[2020-04-29] It is easy to measure the height or the stem diameter of a tree. But how can you get a clue about the quality of the wood without cutting down the tree? Irena Fundová, PhD student in Harry Wu’s group at UPSC, tested in her PhD thesis different methods to estimate the wood quality of Scots pine without harming the tree. Based on her results, she gives advices on the applicability of the tested methods and suggests a breeding strategy to improve growth, fibre and wood quality of Scots pine at the same time. Irena Fundová has successfully defended her PhD thesis on Friday, the 24th of April in P-O Bäckströms sal at SLU in Umeå.
What aroused your interest in your PhD project?
I wanted to continue with research on wood quality in forest trees that I started already at the University of British Columbia in Canada. I was particularly interested in applied research that would be as practical as possible for forestry and wood processing industries.
Did the fact that the PhD project was part of the industrial graduate school, that is a collaboration project between the UPSC Centre for Forest Biotechnology and its industrial partners, influence your decision?
Yes, it was important for me. I viewed it as a bridge between university science and industrial application. I hope that my thesis will be useful for my host company (Skogforsk).
What was most fascinating during your PhD?
I really enjoyed fieldwork. I travelled all over Sweden and visited many remote places. Sometimes we had to stay in a tent as there was no accommodation nearby. We met a lot of wildlife including a bear. I also had the opportunity to visit USA, Brazil and China and see their forest tree improvement programs. It was a great experience for me.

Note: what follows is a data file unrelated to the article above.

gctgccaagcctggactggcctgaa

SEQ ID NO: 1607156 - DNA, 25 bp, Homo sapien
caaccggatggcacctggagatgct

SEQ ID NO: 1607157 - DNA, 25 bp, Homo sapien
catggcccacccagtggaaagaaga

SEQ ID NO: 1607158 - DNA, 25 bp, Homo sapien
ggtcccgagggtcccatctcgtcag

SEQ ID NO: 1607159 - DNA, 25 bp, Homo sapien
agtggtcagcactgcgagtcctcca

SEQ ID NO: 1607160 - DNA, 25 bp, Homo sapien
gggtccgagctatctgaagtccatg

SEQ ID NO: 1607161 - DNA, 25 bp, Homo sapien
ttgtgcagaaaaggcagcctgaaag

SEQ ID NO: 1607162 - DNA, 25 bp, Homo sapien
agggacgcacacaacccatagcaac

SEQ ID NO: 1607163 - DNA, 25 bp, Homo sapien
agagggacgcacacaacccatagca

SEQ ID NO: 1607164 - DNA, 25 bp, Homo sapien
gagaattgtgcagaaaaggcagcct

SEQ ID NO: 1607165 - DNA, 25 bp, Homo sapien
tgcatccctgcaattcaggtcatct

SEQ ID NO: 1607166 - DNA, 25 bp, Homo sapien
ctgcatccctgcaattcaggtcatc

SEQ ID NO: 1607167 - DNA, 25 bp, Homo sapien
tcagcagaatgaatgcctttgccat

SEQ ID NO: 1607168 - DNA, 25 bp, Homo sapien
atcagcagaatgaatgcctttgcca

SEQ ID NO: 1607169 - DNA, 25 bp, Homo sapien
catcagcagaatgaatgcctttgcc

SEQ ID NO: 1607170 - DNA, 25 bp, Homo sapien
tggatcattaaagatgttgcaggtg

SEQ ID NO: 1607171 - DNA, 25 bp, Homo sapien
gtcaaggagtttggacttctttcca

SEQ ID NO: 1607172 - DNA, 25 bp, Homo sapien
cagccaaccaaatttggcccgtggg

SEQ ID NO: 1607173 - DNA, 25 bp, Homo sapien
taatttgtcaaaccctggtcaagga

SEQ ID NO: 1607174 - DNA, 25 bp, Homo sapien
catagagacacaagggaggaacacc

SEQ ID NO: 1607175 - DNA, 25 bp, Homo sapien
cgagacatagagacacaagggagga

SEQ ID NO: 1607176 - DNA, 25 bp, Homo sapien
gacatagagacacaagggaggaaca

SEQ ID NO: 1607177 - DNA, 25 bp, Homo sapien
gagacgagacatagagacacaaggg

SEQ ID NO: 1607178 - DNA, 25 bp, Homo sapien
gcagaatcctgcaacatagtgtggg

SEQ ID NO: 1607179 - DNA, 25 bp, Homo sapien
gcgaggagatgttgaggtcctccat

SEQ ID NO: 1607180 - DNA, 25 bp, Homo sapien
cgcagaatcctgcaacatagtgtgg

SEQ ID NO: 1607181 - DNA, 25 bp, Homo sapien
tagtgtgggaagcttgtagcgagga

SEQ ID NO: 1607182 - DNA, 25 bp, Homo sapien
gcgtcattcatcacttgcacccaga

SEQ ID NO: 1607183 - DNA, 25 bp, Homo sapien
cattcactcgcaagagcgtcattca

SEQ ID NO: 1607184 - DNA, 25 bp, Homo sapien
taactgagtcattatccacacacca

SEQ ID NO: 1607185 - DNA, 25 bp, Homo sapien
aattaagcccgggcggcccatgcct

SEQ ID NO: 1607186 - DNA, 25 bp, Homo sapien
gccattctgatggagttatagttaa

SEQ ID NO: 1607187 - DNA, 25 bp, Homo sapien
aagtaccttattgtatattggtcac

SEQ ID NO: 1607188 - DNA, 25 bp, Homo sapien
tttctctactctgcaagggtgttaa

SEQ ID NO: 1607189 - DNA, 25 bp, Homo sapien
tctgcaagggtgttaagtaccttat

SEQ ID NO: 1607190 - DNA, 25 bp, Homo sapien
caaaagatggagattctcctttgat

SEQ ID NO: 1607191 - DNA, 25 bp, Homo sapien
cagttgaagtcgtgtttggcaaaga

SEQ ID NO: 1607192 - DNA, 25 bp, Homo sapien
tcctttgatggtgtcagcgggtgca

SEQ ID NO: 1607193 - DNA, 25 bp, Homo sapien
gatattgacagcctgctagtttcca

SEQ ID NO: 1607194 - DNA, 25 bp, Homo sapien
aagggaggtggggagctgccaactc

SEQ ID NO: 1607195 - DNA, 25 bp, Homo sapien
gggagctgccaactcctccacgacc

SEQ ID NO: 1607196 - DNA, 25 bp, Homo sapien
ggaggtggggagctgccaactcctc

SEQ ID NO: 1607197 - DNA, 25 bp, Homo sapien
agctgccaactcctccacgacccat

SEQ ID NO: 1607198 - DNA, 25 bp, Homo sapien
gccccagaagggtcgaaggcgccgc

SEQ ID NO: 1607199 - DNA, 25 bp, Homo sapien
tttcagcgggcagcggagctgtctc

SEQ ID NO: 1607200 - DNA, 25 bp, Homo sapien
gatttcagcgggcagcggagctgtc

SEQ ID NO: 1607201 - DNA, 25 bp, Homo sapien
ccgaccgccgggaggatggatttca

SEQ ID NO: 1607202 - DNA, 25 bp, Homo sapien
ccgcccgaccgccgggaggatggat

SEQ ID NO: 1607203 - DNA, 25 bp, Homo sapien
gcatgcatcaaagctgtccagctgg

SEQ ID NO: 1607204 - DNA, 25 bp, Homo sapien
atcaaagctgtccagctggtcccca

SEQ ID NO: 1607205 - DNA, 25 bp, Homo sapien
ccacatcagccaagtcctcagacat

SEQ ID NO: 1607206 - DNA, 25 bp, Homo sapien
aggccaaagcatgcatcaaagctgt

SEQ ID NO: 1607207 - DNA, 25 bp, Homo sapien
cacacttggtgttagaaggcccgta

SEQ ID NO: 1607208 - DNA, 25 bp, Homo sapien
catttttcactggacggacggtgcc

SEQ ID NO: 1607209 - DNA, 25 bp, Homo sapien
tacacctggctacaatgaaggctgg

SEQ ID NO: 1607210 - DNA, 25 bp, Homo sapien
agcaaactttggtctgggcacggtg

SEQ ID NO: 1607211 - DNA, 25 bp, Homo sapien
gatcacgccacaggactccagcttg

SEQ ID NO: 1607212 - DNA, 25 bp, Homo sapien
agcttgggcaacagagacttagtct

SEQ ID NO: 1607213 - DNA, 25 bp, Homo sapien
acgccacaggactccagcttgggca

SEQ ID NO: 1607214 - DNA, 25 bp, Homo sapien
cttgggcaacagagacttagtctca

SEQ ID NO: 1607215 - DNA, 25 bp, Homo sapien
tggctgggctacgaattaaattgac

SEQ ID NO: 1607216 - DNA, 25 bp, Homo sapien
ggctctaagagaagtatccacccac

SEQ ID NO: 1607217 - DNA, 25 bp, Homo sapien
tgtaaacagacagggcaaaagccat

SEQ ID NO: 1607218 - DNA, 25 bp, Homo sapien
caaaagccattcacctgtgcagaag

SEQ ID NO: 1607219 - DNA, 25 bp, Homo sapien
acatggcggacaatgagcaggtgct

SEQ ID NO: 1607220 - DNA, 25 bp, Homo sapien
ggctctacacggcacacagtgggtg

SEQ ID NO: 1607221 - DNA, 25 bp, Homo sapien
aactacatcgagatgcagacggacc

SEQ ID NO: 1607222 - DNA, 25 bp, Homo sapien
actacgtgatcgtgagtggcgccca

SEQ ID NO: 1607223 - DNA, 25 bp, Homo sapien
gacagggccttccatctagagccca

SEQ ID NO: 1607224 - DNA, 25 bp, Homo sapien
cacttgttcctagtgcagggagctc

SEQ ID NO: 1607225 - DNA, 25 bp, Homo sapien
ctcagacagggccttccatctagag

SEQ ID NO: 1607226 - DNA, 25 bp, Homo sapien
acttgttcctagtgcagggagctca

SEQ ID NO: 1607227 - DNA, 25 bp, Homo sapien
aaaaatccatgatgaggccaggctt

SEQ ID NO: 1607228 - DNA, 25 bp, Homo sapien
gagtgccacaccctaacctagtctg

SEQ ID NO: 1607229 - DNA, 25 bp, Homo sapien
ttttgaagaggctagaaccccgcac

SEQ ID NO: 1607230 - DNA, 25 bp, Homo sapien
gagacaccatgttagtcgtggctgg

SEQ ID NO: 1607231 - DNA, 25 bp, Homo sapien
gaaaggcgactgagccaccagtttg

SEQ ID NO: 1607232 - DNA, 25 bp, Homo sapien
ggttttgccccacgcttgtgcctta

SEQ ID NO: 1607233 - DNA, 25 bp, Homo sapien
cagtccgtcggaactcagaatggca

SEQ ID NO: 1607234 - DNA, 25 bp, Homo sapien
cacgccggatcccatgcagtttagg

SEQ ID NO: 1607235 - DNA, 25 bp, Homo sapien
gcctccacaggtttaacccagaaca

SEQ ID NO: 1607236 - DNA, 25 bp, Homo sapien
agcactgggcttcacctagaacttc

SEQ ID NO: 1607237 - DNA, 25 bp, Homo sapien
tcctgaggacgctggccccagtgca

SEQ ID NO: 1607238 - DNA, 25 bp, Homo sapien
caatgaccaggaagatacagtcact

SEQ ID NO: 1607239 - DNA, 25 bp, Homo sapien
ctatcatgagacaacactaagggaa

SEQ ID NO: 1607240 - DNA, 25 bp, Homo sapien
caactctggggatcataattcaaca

What was the most disappointing experience you had during your PhD?
The first year of my PhD was very difficult because I had no data. But then we shifted the direction a little bit, got enough funding through several research grants and my work started to progress.
What is the major outcome from your thesis? Can you provide practical information or tips for forestry and wood processing industries?
I tested the suitability of various methods for rapid and non destructive assessment of wood quality traits that are important for construction, pulp & paper and bioenergy industries. I concluded that 1- the resistograph, a tool based on drilling resistance, is suitable for non-destructive wood density assessment, 2- standing-tree acoustic velocity provides a good estimate of sawn-board stiffness and strength, 3- grain angle measured under bark of standing trees well predicts sawn-board twisting and crooking, and 4- Fourier transform infrared spectroscopy is suitable for non-destructive assessment of the chemical composition of wood in Scots pine. Furthermore, I evaluated the potential of growth and wood quality traits for simultaneous genetic improvement through recurrent selective breeding.
What are your plans for the future?
I have got several job offers (although none of them is from Sweden) but it is hard to make any plans during the current coronavirus pandemic. Before the situation clears off, I would like to process the tons of data I have generated during my studies that I could not include in my thesis.
Irena Fundová was student of the industrial graduate student Research School of Forest Genetics, Biotechnology and Breeding at UPSC. She performed her PhD studies in close collaboration with Skogforsk, the Forestry Research Institute of Sweden.
About the public defence:
The public defence took place on Friday, 24th of April at SLU Umeå. Faculty opponent was Philippe Rozenberg from the French National Research Institute for Agriculture, Food, and Environment (INRAE), Val de Loire, France. Irena Fundová's supervisor is Prof. Harry Xiaming Wu. The dissertation was live broadcasted on https://play.slu.se/.
Title of the thesis: Quantitative Genetics of Wood Quality Traits in Scots Pine
Link to the thesis: https://pub.epsilon.slu.se/16809/
For more information, please contact:
Department of Forest Genetics and Plant Physiology
Umeå Plant Science Centre
Swedish University of Agricultural Sciences